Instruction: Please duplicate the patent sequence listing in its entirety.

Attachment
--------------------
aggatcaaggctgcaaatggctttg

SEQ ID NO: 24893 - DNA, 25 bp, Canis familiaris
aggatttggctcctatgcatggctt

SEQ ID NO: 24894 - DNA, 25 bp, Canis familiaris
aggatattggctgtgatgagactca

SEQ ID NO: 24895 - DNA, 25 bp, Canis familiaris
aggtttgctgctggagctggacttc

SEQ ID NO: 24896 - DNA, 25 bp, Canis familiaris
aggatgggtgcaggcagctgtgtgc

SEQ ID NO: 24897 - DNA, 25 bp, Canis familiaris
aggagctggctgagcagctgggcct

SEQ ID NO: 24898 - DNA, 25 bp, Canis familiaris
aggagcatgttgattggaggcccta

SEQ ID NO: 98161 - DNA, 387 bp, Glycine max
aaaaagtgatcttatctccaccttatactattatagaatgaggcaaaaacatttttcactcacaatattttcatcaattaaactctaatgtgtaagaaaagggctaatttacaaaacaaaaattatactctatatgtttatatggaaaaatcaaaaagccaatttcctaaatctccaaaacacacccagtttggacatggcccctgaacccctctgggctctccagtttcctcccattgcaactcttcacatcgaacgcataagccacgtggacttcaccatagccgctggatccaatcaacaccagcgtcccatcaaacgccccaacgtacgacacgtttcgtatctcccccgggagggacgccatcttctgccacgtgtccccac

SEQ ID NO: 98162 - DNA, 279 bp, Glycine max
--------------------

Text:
aggatcaaggctgcaaatggctttg

SEQ ID NO: 24893 - DNA, 25 bp, Canis familiaris
aggatttggctcctatgcatggctt

SEQ ID NO: 24894 - DNA, 25 bp, Canis familiaris
aggatattggctgtgatgagactca

SEQ ID NO: 24895 - DNA, 25 bp, Canis familiaris
aggtttgctgctggagctggacttc

SEQ ID NO: 24896 - DNA, 25 bp, Canis familiaris
aggatgggtgcaggcagctgtgtgc

SEQ ID NO: 24897 - DNA, 25 bp, Canis familiaris
aggagctggctgagcagctgggcct

SEQ ID NO: 24898 - DNA, 25 bp, Canis familiaris
aggagcatgttgattggaggcccta

SEQ ID NO: 98161 - DNA, 387 bp, Glycine max
aaaaagtgatcttatctccaccttatactattatagaatgaggcaaaaacatttttcactcacaatattttcatcaattaaactctaatgtgtaagaaaagggctaatttacaaaacaaaaattatactctatatgtttatatggaaaaatcaaaaagccaatttcctaaatctccaaaacacacccagtttggacatggcccctgaacccctctgggctctccagtttcctcccattgcaactcttcacatcgaacgcataagccacgtggacttcaccatagccgctggatccaatcaacaccagcgtcccatcaaacgccccaacgtacgacacgtttcgtatctcccccgggagggacgccatcttctgccacgtgtccccac

SEQ ID NO: 98162 - DNA, 279 bp, Glycine max